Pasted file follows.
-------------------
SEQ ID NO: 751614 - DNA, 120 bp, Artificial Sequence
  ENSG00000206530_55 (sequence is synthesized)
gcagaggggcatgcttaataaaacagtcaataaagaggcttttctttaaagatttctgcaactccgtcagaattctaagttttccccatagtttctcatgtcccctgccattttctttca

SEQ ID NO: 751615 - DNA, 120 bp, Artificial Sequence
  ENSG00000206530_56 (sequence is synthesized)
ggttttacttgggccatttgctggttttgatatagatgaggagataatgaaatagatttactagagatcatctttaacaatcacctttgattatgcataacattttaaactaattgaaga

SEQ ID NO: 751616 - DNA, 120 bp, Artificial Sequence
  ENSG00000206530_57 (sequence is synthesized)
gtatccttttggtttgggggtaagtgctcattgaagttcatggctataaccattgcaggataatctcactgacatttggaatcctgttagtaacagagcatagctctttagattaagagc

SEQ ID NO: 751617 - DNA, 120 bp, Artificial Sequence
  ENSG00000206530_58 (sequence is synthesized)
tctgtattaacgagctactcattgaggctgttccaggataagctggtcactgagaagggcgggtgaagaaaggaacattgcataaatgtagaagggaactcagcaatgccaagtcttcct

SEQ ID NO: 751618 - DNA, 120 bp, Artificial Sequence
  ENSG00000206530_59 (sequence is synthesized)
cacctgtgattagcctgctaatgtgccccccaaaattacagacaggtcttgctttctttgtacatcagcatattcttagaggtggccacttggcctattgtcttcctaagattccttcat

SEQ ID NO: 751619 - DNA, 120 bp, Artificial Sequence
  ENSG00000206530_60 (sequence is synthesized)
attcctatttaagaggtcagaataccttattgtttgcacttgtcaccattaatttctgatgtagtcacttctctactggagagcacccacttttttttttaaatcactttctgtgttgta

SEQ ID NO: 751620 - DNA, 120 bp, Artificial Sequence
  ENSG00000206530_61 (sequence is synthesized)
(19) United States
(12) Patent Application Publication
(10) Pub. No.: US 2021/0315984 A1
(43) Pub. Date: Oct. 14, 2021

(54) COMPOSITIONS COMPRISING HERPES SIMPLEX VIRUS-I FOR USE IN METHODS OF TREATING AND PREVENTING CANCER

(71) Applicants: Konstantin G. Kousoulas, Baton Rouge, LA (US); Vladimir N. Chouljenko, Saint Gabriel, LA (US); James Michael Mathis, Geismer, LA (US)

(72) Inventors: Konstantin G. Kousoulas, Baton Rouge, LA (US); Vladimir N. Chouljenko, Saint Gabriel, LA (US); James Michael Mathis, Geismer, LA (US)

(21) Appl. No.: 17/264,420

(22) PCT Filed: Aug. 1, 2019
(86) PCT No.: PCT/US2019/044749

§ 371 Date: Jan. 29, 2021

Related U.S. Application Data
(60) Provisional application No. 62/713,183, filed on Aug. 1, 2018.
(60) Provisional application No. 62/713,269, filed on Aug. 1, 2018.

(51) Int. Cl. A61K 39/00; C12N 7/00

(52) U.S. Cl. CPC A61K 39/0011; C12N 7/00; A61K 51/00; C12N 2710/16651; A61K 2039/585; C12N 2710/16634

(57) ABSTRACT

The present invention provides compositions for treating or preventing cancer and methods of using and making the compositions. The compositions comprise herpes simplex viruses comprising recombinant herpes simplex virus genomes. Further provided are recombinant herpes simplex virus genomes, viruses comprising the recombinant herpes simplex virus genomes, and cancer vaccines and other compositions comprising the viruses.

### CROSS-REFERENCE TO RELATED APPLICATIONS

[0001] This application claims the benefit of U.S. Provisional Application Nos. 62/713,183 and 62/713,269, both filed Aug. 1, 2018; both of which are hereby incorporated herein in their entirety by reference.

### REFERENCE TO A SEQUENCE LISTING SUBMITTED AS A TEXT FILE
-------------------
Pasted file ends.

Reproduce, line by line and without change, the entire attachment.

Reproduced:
SEQ ID NO: 751614 - DNA, 120 bp, Artificial Sequence
  ENSG00000206530_55 (sequence is synthesized)
gcagaggggcatgcttaataaaacagtcaataaagaggcttttctttaaagatttctgcaactccgtcagaattctaagttttccccatagtttctcatgtcccctgccattttctttca

SEQ ID NO: 751615 - DNA, 120 bp, Artificial Sequence
  ENSG00000206530_56 (sequence is synthesized)
ggttttacttgggccatttgctggttttgatatagatgaggagataatgaaatagatttactagagatcatctttaacaatcacctttgattatgcataacattttaaactaattgaaga

SEQ ID NO: 751616 - DNA, 120 bp, Artificial Sequence
  ENSG00000206530_57 (sequence is synthesized)
gtatccttttggtttgggggtaagtgctcattgaagttcatggctataaccattgcaggataatctcactgacatttggaatcctgttagtaacagagcatagctctttagattaagagc

SEQ ID NO: 751617 - DNA, 120 bp, Artificial Sequence
  ENSG00000206530_58 (sequence is synthesized)
tctgtattaacgagctactcattgaggctgttccaggataagctggtcactgagaagggcgggtgaagaaaggaacattgcataaatgtagaagggaactcagcaatgccaagtcttcct

SEQ ID NO: 751618 - DNA, 120 bp, Artificial Sequence
  ENSG00000206530_59 (sequence is synthesized)
cacctgtgattagcctgctaatgtgccccccaaaattacagacaggtcttgctttctttgtacatcagcatattcttagaggtggccacttggcctattgtcttcctaagattccttcat

SEQ ID NO: 751619 - DNA, 120 bp, Artificial Sequence
  ENSG00000206530_60 (sequence is synthesized)
attcctatttaagaggtcagaataccttattgtttgcacttgtcaccattaatttctgatgtagtcacttctctactggagagcacccacttttttttttaaatcactttctgtgttgta

SEQ ID NO: 751620 - DNA, 120 bp, Artificial Sequence
  ENSG00000206530_61 (sequence is synthesized)
(19) United States
(12) Patent Application Publication
(10) Pub. No.: US 2021/0315984 A1
(43) Pub. Date: Oct. 14, 2021

(54) COMPOSITIONS COMPRISING HERPES SIMPLEX VIRUS-I FOR USE IN METHODS OF TREATING AND PREVENTING CANCER

(71) Applicants: Konstantin G. Kousoulas, Baton Rouge, LA (US); Vladimir N. Chouljenko, Saint Gabriel, LA (US); James Michael Mathis, Geismer, LA (US)

(72) Inventors: Konstantin G. Kousoulas, Baton Rouge, LA (US); Vladimir N. Chouljenko, Saint Gabriel, LA (US); James Michael Mathis, Geismer, LA (US)

(21) Appl. No.: 17/264,420

(22) PCT Filed: Aug. 1, 2019
(86) PCT No.: PCT/US2019/044749

§ 371 Date: Jan. 29, 2021

Related U.S. Application Data
(60) Provisional application No. 62/713,183, filed on Aug. 1, 2018.
(60) Provisional application No. 62/713,269, filed on Aug. 1, 2018.

(51) Int. Cl. A61K 39/00; C12N 7/00

(52) U.S. Cl. CPC A61K 39/0011; C12N 7/00; A61K 51/00; C12N 2710/16651; A61K 2039/585; C12N 2710/16634

(57) ABSTRACT

The present invention provides compositions for treating or preventing cancer and methods of using and making the compositions. The compositions comprise herpes simplex viruses comprising recombinant herpes simplex virus genomes. Further provided are recombinant herpes simplex virus genomes, viruses comprising the recombinant herpes simplex virus genomes, and cancer vaccines and other compositions comprising the viruses.

### CROSS-REFERENCE TO RELATED APPLICATIONS

[0001] This application claims the benefit of U.S. Provisional Application Nos. 62/713,183 and 62/713,269, both filed Aug. 1, 2018; both of which are hereby incorporated herein in their entirety by reference.

### REFERENCE TO A SEQUENCE LISTING SUBMITTED AS A TEXT FILE